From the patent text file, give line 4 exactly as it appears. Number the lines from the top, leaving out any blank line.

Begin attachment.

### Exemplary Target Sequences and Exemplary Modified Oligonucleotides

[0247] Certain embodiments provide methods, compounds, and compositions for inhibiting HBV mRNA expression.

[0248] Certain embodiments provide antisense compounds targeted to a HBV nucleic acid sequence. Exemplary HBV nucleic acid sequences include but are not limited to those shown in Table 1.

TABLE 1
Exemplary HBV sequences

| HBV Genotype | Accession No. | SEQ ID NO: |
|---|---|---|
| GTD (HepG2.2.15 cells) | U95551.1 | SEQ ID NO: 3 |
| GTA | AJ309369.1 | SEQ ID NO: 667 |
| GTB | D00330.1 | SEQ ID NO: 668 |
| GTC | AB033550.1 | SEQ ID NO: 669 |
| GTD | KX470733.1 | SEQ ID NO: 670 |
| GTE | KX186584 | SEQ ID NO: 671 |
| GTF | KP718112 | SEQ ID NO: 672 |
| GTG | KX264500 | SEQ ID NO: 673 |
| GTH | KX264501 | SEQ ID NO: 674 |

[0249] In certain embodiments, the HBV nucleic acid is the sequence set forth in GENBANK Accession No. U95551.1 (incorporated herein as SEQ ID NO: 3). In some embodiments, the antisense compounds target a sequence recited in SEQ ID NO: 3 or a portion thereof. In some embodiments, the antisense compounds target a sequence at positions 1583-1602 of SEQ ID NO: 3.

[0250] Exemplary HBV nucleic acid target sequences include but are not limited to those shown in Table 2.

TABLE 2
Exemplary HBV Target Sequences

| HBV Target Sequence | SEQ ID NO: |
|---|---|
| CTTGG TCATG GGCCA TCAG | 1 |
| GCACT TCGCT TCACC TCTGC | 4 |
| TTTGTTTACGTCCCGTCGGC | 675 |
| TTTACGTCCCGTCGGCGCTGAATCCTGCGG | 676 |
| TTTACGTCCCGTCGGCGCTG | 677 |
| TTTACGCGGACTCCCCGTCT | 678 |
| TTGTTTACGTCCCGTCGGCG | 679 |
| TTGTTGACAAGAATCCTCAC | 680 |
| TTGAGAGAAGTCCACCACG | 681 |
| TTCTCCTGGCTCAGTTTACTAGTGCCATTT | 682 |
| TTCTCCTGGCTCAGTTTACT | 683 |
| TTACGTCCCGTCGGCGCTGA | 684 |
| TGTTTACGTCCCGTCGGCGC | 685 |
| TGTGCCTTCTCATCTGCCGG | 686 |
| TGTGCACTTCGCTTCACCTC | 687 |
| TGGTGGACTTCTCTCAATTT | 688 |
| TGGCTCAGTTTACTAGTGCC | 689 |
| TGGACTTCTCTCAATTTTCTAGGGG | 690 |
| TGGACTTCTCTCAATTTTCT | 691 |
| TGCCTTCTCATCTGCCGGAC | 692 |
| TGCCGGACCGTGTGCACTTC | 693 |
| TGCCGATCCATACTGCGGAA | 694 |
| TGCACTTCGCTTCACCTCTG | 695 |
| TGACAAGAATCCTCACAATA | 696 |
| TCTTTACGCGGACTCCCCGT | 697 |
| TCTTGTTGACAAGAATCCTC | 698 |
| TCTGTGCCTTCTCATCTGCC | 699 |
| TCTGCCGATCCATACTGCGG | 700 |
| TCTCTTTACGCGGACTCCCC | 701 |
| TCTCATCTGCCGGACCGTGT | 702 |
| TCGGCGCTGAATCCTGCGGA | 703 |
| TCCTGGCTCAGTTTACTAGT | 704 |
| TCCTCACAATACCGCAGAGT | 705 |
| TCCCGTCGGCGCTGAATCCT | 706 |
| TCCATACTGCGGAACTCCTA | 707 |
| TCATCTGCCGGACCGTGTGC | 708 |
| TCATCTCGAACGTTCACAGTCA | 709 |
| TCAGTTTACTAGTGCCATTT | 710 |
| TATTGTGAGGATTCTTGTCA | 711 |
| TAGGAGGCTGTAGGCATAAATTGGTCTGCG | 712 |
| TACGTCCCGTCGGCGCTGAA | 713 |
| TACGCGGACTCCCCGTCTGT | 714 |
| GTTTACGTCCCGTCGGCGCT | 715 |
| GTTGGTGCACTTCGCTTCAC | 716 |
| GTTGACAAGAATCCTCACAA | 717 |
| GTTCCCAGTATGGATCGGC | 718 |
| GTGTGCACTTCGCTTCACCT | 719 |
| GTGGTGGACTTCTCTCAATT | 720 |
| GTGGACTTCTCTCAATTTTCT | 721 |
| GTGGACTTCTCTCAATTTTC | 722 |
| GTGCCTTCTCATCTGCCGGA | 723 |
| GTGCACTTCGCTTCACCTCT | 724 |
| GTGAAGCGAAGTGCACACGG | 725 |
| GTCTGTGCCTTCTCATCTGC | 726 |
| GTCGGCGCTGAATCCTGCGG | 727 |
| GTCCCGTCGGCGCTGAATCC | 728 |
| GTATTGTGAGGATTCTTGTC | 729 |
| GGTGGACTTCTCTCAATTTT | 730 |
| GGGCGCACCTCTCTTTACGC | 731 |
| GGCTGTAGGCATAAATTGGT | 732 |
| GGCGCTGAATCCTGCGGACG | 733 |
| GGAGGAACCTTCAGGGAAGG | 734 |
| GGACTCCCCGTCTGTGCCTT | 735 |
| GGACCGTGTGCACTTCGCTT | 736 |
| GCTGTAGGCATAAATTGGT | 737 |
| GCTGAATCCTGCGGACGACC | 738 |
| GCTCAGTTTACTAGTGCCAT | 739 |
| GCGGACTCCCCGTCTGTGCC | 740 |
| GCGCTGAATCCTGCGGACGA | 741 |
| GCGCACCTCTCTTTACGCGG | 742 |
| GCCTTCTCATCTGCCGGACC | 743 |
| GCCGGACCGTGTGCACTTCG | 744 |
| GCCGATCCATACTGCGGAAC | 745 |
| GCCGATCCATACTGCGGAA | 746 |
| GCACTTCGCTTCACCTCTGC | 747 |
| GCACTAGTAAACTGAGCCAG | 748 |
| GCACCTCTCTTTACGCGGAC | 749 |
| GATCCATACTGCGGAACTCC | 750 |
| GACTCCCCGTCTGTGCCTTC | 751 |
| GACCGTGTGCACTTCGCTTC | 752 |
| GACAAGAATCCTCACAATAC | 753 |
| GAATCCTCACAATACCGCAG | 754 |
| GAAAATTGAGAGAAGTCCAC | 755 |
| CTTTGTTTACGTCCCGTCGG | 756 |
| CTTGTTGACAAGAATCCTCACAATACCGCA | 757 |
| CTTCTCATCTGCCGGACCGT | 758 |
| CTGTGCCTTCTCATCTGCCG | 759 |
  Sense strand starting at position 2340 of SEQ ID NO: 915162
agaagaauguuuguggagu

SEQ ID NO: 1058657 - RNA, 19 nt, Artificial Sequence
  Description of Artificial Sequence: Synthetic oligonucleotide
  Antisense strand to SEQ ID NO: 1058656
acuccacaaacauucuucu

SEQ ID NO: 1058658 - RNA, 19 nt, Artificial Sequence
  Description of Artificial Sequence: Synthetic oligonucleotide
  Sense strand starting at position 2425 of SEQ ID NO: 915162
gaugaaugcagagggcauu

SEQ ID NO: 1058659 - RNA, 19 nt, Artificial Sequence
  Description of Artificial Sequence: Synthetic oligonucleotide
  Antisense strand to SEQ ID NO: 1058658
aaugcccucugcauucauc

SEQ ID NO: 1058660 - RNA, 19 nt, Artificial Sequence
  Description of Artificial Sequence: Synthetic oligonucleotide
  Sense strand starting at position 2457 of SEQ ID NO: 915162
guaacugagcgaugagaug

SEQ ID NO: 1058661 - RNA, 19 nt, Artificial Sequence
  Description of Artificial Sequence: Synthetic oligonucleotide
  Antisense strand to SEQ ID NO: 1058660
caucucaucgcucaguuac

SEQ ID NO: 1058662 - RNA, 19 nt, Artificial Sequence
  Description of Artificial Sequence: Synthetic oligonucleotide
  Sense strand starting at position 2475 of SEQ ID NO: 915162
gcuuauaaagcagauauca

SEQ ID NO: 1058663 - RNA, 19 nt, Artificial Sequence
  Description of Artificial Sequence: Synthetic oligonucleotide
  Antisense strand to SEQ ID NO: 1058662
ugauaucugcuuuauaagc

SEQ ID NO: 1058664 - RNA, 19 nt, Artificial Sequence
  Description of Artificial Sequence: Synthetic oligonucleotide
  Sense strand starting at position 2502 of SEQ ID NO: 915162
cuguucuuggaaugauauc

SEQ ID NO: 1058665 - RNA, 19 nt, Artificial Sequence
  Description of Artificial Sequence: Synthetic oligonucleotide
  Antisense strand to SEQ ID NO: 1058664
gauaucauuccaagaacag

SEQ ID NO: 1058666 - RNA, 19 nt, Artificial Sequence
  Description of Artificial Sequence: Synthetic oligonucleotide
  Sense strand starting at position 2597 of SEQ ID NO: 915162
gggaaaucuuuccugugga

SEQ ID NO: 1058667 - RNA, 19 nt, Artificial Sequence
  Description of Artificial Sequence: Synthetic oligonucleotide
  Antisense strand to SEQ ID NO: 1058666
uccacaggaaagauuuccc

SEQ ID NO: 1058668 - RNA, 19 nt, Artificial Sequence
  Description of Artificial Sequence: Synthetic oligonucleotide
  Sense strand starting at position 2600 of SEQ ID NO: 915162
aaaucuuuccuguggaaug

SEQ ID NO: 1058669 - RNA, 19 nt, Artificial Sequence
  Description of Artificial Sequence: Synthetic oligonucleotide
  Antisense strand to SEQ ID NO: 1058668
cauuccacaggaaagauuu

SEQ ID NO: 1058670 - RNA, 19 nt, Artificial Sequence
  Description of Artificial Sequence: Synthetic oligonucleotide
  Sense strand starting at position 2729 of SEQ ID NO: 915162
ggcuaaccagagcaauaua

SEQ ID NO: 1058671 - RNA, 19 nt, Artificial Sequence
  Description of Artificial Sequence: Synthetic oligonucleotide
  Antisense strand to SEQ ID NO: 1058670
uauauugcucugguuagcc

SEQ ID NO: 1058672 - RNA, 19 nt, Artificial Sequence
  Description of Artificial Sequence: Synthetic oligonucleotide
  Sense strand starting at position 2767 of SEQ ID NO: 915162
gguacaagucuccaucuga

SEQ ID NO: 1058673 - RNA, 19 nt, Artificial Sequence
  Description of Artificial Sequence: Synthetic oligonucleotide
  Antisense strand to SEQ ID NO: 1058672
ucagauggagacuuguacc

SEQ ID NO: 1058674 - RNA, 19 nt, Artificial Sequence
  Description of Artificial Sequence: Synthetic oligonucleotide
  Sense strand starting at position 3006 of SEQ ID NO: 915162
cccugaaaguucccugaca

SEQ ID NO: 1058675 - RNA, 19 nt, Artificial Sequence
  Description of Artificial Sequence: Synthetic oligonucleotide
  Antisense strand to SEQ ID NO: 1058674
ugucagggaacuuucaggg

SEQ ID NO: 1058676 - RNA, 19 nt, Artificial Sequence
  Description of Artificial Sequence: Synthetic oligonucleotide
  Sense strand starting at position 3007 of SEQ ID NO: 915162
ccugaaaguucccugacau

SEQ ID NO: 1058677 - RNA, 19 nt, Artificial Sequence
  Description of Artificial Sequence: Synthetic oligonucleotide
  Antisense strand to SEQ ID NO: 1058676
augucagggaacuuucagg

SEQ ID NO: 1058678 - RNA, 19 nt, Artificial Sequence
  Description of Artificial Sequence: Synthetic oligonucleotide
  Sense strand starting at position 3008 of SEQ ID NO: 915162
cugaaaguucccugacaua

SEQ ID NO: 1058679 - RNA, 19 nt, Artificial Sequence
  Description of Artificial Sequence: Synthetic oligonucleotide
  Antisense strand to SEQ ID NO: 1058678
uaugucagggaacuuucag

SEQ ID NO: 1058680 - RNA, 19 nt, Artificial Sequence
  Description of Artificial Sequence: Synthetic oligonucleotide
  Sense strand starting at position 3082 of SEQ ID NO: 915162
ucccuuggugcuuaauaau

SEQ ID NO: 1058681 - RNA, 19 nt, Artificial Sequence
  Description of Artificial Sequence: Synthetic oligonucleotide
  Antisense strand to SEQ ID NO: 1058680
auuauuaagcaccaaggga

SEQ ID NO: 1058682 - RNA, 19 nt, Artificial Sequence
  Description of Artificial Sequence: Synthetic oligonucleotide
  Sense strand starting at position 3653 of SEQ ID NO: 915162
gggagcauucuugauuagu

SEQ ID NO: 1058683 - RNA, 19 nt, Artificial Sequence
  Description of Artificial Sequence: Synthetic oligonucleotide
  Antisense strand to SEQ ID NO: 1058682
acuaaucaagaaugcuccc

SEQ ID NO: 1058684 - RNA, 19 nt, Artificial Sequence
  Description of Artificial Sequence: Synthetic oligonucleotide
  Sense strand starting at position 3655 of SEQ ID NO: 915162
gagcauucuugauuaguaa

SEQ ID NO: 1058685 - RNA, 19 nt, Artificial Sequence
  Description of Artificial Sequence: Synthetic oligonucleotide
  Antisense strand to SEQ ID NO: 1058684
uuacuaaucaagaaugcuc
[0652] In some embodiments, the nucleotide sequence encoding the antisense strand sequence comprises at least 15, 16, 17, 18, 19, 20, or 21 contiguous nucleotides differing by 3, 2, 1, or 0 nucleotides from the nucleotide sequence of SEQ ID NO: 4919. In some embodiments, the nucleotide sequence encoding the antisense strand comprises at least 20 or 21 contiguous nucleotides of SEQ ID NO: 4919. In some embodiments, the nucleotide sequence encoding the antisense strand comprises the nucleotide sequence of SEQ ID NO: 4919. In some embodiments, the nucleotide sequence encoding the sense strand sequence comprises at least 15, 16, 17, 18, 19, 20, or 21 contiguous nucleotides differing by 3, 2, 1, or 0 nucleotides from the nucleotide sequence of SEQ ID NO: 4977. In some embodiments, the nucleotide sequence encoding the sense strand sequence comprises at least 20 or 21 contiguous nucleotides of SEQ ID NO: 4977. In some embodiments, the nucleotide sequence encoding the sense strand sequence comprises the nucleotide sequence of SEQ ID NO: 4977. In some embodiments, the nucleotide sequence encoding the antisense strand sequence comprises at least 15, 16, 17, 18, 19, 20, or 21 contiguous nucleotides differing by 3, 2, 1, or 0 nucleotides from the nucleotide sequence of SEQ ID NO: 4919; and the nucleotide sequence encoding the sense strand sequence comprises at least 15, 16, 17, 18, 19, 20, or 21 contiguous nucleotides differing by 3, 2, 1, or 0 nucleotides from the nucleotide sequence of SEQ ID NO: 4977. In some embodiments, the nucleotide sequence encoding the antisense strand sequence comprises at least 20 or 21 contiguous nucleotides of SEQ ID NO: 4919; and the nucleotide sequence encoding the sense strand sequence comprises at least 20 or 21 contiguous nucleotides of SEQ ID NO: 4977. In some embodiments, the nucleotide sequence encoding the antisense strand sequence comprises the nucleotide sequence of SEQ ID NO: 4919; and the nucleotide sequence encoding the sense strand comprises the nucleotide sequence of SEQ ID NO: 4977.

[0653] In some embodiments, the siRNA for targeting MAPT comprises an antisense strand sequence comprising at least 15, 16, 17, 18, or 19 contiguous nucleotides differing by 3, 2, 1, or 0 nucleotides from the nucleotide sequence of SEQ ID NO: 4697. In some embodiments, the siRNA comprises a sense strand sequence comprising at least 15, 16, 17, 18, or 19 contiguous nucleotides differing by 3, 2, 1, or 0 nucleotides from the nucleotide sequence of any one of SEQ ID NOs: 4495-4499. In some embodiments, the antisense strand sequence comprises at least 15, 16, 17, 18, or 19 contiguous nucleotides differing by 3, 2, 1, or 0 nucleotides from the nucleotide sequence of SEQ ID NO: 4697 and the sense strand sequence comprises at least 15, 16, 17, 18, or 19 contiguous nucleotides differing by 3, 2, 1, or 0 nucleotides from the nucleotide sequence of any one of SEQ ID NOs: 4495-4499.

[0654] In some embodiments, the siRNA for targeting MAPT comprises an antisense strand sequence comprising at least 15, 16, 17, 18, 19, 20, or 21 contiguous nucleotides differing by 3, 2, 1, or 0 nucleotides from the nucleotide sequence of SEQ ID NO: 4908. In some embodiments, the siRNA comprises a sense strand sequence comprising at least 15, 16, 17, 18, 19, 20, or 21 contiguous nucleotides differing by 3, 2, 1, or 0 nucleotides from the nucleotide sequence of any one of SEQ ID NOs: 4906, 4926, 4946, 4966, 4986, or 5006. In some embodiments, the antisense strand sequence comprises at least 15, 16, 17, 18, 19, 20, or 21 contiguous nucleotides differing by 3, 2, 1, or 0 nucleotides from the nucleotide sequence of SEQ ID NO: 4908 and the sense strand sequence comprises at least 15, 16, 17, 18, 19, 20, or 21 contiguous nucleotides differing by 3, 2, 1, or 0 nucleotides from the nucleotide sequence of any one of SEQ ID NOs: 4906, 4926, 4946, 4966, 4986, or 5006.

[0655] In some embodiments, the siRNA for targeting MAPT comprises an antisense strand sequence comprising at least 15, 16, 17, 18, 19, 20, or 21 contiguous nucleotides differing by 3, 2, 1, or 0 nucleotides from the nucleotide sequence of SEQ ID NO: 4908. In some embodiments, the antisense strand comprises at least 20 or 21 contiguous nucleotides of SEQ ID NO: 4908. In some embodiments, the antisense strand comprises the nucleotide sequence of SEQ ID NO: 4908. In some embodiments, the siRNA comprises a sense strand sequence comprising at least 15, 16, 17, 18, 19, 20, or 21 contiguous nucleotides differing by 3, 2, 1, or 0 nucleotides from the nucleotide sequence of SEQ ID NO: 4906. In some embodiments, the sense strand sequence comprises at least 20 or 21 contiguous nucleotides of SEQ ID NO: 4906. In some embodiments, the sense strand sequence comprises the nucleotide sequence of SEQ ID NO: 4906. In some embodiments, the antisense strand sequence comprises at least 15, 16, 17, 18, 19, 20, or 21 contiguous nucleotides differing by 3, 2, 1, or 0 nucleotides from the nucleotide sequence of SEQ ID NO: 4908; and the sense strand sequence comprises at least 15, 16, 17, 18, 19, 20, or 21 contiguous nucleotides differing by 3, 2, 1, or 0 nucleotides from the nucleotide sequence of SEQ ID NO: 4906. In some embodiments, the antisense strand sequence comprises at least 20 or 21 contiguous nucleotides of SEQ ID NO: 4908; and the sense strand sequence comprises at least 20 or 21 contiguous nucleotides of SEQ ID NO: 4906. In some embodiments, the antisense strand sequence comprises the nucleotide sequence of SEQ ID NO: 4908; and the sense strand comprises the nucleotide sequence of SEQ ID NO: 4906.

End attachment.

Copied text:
TABLE 1